3. And now to-day that common country is assailed, andalas alas that I am compelled to say it!it is assailed in some sense by my own countrymen. My father and my mother were from old Virginia, and my brothers and sisters from old Kentucky. I love them all; I love them dearly. I have my brothers and friends down in the South now, united to me by the fondest ties of love and affection. I would take them in my arms to-day with all the love that God has put into this heart. But if I found them in arms against the flag of the United States, I would be compelled to smite them down.

4. You have found officers of the army who have been educated by the government, who have drawn their support from the government for long years, who, when called upon by their country to stand for the Constitution and for the right, have basely, ignominiously, and traitorously either resigned their commissions, or deserted to traitors, and rebels, and enemies. What means all this? How can it be that men should act in this way? There is one only question. If we ever

had a government and constitution, or if we ever lived under such, have we ever recognized the supremacy of right? Then why not recognize it now? Why not today? Why not forever?

5. Suppose those friends of ours from old Ireland, suppose he who has made himself one of us, if a war should break out against his former country, should say, "I cannot fight against my own countrymen." Is he a citizen of the United States? If so, then he can have no divided allegiance, when war breaks out. The rebels and the traitors in the South we must set aside; they are not our friends. When they come to their senses, we will receive them with open arms; but till that time, while they are trailing our glorious banner in the dust, when they scorn it, condemn it, curse it, and trample it under foot, then I must smite. In heaven's name, I will smite, and as long as I have strength I will do it.

6. Oh, listen to me, listen to me! I know these men; I have been reared with them; they have courage; do not pretend to think they have not. It is no child's play you are entering upon. They will fight,fight with determination and power. Make up your mind to it. But let every man put his life in his hand and say, "There is the altar of my country; there ] will sacrifice my life." I for one will lay my life down. It is not mine any longer. Lead me to the conflict. Place me where I can do my duty. There I am ready to go, I care not where it leads me.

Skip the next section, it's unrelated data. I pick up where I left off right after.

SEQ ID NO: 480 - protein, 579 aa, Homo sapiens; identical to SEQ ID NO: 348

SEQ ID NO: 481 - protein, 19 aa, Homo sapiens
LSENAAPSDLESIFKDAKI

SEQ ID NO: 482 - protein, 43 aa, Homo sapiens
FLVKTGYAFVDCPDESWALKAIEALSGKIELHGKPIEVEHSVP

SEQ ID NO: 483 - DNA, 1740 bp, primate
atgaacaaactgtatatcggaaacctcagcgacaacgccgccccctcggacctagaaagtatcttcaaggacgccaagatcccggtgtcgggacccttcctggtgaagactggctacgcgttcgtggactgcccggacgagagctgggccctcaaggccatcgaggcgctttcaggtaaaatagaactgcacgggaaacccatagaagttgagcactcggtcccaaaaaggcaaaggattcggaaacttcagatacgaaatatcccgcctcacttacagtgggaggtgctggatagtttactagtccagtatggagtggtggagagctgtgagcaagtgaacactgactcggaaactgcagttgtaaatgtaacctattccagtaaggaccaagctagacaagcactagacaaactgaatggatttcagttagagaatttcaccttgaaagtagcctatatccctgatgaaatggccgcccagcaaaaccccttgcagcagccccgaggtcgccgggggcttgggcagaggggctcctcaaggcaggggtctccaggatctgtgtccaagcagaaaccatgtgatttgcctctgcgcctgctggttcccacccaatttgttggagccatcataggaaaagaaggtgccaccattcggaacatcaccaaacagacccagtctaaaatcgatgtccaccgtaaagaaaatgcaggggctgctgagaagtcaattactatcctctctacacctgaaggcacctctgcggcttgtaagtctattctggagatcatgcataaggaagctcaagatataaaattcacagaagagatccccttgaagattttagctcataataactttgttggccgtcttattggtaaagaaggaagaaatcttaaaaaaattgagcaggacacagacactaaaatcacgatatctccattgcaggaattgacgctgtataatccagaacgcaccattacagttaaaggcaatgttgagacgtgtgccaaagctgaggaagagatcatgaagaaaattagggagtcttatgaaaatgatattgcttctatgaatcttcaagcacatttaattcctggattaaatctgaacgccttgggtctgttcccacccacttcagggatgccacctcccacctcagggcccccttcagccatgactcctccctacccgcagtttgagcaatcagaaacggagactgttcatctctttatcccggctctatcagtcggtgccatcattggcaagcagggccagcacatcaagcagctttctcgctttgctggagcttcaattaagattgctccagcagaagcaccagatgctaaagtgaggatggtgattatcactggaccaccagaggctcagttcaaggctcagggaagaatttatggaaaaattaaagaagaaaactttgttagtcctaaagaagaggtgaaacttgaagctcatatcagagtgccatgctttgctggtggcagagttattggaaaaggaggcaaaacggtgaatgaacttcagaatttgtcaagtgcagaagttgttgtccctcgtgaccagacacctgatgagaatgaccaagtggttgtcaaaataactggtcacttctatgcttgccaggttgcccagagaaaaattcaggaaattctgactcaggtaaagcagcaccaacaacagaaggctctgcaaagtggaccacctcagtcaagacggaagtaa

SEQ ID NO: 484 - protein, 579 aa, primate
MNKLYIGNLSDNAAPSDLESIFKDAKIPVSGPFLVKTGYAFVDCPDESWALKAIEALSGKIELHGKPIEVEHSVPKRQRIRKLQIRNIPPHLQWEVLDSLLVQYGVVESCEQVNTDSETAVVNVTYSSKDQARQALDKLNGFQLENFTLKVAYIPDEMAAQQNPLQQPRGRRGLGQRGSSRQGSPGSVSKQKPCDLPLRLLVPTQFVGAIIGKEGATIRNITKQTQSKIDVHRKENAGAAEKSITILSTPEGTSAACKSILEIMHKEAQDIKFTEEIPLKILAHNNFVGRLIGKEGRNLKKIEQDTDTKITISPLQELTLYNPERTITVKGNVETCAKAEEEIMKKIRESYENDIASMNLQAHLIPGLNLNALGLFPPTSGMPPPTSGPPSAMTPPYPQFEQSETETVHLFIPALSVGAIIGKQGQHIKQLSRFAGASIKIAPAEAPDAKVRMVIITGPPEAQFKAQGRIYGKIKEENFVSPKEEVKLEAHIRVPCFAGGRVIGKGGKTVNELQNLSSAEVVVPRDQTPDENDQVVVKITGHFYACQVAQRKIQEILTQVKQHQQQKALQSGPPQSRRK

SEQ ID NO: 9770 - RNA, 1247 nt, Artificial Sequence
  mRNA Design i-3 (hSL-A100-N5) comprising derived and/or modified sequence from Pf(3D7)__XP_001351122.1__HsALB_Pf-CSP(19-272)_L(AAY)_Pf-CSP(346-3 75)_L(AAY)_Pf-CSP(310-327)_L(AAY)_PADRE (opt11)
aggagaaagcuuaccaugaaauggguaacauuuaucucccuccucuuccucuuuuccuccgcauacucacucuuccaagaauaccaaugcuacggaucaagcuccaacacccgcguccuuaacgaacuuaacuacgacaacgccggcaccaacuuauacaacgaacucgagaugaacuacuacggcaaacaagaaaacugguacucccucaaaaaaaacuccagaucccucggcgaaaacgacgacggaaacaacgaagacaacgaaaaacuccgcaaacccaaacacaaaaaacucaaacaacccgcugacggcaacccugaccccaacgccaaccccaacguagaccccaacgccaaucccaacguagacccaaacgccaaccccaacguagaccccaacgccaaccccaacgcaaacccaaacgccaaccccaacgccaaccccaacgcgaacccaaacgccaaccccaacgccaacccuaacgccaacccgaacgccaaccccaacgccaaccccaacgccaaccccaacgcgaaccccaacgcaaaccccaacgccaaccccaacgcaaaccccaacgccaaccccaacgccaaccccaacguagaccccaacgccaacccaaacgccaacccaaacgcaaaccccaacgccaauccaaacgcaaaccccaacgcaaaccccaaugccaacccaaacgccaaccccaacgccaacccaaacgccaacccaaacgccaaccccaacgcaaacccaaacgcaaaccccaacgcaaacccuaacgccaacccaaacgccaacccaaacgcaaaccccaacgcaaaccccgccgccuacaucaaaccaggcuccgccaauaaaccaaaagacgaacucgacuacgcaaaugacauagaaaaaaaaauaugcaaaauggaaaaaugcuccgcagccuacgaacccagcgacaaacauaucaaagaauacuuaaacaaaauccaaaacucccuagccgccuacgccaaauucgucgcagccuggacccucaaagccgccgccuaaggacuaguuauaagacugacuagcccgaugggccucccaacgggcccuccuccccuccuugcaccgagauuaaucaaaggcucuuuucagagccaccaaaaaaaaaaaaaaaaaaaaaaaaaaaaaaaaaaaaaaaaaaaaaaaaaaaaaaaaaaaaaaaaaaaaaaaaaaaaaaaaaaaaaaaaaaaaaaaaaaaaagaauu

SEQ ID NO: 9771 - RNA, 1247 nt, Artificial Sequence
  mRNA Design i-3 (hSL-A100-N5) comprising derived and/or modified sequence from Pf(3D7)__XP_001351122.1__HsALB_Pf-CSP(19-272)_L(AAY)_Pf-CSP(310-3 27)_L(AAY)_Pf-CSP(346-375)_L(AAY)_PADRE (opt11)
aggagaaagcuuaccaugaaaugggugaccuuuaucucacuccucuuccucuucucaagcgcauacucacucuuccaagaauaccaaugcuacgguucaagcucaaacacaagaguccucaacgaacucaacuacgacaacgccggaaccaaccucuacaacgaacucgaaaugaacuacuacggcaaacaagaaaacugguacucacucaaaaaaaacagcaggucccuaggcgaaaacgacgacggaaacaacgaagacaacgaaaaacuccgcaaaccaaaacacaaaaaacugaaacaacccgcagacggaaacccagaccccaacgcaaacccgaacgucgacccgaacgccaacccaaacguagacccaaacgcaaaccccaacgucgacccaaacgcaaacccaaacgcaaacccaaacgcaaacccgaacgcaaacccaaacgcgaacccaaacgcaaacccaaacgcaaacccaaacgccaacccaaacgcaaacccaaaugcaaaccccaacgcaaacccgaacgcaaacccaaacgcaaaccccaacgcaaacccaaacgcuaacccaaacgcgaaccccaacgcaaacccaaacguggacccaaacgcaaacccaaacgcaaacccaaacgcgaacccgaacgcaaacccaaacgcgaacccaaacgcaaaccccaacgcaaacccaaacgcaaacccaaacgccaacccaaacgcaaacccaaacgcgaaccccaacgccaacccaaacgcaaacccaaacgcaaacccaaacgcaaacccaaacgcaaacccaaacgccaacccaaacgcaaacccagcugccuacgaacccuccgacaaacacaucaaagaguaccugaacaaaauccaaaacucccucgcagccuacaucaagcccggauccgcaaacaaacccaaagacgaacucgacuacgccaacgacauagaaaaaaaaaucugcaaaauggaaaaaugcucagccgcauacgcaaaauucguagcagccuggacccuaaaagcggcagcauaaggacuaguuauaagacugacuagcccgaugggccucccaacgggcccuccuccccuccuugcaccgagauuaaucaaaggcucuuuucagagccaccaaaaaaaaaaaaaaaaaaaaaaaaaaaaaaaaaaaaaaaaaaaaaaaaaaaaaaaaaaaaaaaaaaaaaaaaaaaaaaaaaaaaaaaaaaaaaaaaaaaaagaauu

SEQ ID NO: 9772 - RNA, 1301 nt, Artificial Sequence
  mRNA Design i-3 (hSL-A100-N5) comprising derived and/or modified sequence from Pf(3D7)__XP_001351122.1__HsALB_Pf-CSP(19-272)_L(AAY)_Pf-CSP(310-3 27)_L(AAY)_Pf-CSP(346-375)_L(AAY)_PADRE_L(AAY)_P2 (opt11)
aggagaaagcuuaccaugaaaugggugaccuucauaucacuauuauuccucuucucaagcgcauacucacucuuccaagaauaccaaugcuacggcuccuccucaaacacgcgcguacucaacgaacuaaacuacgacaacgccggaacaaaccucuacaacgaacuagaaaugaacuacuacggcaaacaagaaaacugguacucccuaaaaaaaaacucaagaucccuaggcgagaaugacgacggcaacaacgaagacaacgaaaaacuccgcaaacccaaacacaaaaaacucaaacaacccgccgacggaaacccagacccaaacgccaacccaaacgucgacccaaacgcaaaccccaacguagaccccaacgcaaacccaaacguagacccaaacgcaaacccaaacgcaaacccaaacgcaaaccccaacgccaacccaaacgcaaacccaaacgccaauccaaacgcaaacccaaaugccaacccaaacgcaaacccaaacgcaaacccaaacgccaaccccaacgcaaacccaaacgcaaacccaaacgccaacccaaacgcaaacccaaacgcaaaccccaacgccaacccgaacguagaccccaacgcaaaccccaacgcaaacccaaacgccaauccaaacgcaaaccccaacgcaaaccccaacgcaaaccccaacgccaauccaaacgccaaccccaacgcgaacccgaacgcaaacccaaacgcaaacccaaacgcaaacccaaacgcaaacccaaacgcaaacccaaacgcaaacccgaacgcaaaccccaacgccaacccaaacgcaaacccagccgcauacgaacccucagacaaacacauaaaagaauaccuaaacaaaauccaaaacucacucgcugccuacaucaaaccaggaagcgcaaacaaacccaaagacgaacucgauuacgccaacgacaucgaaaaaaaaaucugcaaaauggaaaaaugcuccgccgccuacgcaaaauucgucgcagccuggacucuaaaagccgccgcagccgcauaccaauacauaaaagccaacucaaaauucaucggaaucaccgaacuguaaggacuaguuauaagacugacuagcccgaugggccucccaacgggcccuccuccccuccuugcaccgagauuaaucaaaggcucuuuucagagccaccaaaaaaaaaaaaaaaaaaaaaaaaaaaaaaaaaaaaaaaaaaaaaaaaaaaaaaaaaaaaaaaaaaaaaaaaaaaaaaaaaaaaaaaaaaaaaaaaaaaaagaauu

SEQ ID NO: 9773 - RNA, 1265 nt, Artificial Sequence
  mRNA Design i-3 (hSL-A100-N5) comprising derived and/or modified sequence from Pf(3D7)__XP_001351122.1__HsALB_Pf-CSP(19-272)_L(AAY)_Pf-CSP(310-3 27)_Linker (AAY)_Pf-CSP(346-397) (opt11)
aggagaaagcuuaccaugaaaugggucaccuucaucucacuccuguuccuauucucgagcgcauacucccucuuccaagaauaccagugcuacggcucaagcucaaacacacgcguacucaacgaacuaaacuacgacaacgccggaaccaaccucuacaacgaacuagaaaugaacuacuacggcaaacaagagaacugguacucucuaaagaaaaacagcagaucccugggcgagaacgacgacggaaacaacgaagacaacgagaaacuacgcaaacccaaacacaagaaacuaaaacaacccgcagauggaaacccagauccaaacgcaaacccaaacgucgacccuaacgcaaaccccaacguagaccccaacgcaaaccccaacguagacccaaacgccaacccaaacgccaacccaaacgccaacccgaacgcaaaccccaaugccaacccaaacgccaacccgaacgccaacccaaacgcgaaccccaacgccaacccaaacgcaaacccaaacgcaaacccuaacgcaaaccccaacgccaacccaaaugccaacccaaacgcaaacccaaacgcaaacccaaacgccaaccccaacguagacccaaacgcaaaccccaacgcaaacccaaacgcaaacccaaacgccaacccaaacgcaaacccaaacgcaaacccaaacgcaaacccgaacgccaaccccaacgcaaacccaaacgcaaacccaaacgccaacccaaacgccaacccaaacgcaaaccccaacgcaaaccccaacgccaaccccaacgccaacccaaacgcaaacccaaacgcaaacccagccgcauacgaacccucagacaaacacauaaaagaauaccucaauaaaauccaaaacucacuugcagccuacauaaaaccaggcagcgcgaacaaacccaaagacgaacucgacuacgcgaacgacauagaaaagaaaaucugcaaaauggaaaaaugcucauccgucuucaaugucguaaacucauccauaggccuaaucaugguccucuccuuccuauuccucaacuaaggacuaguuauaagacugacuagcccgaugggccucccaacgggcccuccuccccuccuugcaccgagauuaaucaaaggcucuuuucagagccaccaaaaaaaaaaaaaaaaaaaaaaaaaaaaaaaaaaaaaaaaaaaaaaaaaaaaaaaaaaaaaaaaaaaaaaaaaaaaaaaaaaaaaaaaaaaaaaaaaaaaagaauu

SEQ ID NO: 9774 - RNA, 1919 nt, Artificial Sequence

7. My friends, that is the spirit that was in this city yesterday. I was told of an incident which drew the tears to my eyes, and yet I am not much used to the melting mood. I was told of a man who has a beloved wife and two children, depending upon his personal labor day by day for their support. He went home and said, "Wife, I feel it is my duty to enlist and fight for my country." "That's just what I've been thinking

of, too," said she "God bless ; and you, may you come back without harm; but if you die in defense of the country, the God of the widow and the fatherless will take care of me and my children."

8. That same wife came to your city. She knew precisely where her husband was to pass as he marched away. She took her position on the pavement, and finding a flag she begged leave just to stand beneath those sacred folds and take a last fond look of him whom she, by possibility, might never see again. The husband marched down the street; their eyes met; a sympathetic flash went from heart to heart; she gave one shout and fell senseless upon the pavement, and there she lay for not less than thirty minutes in a All swoon. It seemed to be the departing of her life. her sensibility had been sealed up. She was ready to meet this tremendous sacrifice upon which we have entered, and I trust you are all ready.

9. I am ready. Heaven help me to do my duty. I am ready to fight in the ranks or out of the ranks. Having been educated in the academy, having been in the army seven years, having served as commander of a volunteer company for ten years, and having served as an adjutant-general, I feel I am ready for something. I only ask to be permitted to act. Give me something to do!

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To the sages who spoke, to the heroes who bled,

To the day and the deed, strike the harp-strings of glory!